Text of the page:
It’s been a week tomorrow afternoon.  I leaned hard on family and friends, and even acquaintances and strangers, as my sister(-in-law, but who’s counting?) set up a CashApp address for me, to help with the astronomical bills, and other trails he left behind that I’m sure I’ll be at least partially responsible for.

Since he passed, much (if not all) of the resentment and pain I had felt simply dissipated.  It was no longer an issue.  I’m surprised by how much I talk to him, and I’m even more surprised by how therapeutic and healing that has been.  I feel I have truly let go.

Very selfishly and very pragmatically speaking, this is likely the better outcome.  I wouldn’t have wished anything bad to happen to him, and I really did try to save him the entire time he was in the hospital.  But I’ve always been one to look for silver lining; it’s always been in my nature.  And I have found that there is silver lining in nearly every situation, no matter how dark or harsh it is.

No longer am I triggered by seeing him drive by.  No longer do I have to work with him.  No longer do I have to battle with him, play the cat-and-mouse game of chicken.  I don’t have to delve into deep, dark, or twisted places to attempt to think like him in order to beat him at his own game because that’s the only way I won’t lose dearly.

Because we weren’t divorced yet and there is no legal separation in our state, the assets will go to me.  The debts may or may not.

Most importantly, I can forgive him.  Forgiveness is not about letting them off the hook, but about setting yourself free.  And I do feel free.  Even as I attempt to crawl out from under the debris and claw my way through his intricately-woven and complicated life, I am getting freer every day.

I’m struggling, for sure.  Money, of course.  I’m trying to stop hemorrhaging funds out of the very-finite account we shared and trying to direct more funds into it.  I’m still operating in the red, but I work every day to try to climb out just a little more.

The important part is that I’m learning so much I didn’t know before.  I’ve learned that he really didn’t like me very much, and hasn’t for years.  I’ve learned more pleasant lessons, too, like how to carry out various tasks around the office and do certain things myself.

I still lean hard on my inner circle, and I feel a little guilty about that.  I’m blessed that they don’t hesitate to be by my side and willing to help me with whatever I need.  I can only hope to pay that back–or pay it forward, whichever–someday.  It’s because of them that I’m not curled up in a fetal ball, overwhelmed and having succumbed to the weight and pressure and stress.  It’s because of them that I do learn new skills and I can take steps forward, even if they’re baby steps.  When I look back over the past almost-week, I realize how far I’ve come.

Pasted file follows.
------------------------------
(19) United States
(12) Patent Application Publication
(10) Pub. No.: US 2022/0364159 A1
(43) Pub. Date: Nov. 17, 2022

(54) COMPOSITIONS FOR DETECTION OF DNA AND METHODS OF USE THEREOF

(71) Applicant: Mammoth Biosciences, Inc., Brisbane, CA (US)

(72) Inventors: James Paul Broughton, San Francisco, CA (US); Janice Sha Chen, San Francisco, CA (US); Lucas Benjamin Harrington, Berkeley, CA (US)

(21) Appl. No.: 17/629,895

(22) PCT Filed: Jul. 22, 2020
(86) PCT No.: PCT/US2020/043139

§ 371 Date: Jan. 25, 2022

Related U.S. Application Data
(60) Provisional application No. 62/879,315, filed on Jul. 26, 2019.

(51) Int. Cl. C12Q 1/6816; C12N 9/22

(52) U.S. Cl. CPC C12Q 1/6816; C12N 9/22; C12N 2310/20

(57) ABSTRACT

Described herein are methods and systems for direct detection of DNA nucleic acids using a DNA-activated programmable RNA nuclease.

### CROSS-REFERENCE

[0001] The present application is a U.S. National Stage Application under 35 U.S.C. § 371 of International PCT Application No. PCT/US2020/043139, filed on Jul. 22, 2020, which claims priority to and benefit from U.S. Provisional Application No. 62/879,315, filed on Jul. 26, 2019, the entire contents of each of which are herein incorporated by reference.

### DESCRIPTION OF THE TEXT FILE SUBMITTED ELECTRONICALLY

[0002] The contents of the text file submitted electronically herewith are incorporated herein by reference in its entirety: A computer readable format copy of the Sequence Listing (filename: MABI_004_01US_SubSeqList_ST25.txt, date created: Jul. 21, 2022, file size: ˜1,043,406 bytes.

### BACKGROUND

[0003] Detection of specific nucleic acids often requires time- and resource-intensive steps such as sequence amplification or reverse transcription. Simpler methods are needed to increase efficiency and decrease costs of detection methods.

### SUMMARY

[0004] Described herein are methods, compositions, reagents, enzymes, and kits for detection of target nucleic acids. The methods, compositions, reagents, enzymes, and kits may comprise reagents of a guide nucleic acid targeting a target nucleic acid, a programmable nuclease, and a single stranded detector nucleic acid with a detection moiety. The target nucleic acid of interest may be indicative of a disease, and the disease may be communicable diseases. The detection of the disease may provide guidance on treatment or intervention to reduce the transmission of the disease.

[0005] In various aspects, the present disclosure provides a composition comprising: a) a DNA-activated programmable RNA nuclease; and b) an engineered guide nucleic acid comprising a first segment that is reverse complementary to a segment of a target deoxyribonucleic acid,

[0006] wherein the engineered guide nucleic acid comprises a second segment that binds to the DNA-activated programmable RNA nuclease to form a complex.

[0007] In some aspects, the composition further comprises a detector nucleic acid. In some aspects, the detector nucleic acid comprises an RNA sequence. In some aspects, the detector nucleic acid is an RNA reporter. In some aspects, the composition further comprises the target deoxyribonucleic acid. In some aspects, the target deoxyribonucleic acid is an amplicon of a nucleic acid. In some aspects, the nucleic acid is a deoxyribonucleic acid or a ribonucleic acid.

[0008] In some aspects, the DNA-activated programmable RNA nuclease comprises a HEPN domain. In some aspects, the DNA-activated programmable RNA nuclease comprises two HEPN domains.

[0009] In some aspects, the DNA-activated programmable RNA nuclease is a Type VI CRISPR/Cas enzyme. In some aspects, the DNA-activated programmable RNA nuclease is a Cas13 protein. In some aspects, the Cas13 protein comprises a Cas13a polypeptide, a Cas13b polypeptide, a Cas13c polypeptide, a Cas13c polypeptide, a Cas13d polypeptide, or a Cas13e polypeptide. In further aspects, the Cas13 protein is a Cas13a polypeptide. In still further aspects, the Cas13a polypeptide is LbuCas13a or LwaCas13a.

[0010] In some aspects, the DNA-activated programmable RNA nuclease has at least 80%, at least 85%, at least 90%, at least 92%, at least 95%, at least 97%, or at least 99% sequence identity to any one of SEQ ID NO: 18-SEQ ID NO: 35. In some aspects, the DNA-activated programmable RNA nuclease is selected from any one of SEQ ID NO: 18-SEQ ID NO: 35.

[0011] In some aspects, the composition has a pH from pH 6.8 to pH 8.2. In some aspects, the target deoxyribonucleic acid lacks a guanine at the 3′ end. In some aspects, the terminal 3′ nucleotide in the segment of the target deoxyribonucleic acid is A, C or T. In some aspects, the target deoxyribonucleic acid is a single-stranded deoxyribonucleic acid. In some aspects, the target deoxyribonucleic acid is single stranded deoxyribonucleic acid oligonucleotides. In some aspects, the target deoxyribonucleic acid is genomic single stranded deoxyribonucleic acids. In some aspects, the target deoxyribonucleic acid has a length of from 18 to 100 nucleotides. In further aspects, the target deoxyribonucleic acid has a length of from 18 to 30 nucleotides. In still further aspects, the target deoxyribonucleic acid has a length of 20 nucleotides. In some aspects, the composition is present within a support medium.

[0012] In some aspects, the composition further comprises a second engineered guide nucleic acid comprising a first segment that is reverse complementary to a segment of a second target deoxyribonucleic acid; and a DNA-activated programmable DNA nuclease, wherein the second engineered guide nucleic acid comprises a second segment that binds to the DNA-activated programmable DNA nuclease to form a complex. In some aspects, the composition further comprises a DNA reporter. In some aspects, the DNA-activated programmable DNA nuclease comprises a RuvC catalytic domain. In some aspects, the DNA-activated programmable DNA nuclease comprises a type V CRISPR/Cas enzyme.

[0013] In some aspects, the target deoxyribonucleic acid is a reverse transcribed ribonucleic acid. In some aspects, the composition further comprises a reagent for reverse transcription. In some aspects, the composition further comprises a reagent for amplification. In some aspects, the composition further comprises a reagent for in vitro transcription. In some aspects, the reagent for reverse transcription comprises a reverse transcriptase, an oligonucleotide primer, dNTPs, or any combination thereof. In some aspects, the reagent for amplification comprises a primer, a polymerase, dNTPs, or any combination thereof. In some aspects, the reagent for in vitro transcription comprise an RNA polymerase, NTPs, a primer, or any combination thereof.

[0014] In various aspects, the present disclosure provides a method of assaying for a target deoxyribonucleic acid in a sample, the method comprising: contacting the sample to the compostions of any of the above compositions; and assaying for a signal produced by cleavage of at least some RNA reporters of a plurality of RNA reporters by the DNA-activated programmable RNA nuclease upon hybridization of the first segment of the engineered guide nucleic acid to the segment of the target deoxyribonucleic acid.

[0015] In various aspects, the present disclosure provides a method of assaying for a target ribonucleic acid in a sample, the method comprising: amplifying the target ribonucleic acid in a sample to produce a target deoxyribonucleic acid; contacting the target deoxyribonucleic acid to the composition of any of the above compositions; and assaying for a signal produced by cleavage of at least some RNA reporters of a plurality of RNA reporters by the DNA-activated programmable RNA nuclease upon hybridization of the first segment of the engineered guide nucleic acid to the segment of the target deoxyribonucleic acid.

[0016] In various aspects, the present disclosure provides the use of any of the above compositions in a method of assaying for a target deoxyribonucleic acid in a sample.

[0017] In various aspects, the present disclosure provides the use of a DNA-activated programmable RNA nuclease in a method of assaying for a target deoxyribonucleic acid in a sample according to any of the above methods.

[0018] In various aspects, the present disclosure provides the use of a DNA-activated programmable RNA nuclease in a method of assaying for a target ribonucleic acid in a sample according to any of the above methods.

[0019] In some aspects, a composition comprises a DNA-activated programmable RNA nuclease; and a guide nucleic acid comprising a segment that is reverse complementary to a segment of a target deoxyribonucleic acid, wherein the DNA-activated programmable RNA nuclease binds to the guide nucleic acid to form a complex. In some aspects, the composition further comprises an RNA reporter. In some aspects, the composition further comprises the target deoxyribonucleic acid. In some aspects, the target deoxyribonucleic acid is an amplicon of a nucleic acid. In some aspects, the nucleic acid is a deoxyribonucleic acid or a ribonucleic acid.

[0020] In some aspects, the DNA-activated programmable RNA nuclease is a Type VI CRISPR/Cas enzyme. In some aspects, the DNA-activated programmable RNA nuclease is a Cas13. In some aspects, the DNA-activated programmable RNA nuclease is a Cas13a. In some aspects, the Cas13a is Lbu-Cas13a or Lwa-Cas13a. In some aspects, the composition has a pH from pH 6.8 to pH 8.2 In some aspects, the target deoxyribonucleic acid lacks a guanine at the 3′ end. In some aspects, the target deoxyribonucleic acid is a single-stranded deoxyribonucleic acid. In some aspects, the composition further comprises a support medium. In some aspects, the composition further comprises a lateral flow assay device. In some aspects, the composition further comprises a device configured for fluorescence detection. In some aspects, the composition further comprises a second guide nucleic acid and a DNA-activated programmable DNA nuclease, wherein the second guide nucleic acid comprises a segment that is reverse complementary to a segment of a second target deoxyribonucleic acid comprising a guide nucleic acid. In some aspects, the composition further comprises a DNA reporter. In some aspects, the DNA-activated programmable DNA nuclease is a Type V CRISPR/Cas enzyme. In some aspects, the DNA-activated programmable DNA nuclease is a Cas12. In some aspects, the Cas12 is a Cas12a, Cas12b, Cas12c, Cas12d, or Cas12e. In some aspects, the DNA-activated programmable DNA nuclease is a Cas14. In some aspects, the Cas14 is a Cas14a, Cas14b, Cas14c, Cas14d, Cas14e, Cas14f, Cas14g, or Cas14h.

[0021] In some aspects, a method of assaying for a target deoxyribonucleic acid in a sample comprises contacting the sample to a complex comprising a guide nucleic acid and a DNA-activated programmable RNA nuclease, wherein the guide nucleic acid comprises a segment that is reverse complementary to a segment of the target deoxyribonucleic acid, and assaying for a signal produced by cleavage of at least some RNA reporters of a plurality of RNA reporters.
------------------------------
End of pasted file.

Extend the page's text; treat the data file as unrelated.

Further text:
Days are so jam-packed that it’s hard to remember everything I did in one day.  Sometimes I work with a fuzzy brain that feels like it’s underwater, due to the blood disorder.  Other days, my head is much clearer.  On the better days, I can remember things better and keep track of the big picture and figure out where to go from there.  Executive function is important, especially when you’re steering a mammoth ship and you’ve never been taught to sail.

There’s no way around it but through it.  I will own that I’ve shirked my responsibility for All Things Adulting and allowed him to take control over everything.  I understand that my inaction led to a situation in which the way the world works had drifted far enough from what I’d known that it had become unrecognizable.  I accept that by not keeping up with “things” and by not pushing even harder to learn in the later years, I had screwed myself.

It’s time for a massive correction, kind of like what happens in the real estate or stock markets, and that’s exactly what’s going on in my life.  It’s time to learn how to stand on my own two feet for real and carry out adult functions for myself.  It’s also time to learn how to spread my wings and fly freely, without being weighted down.  And it’s time to be able to heal without being tethered.

It’s going to take time.  But I can do this. ❤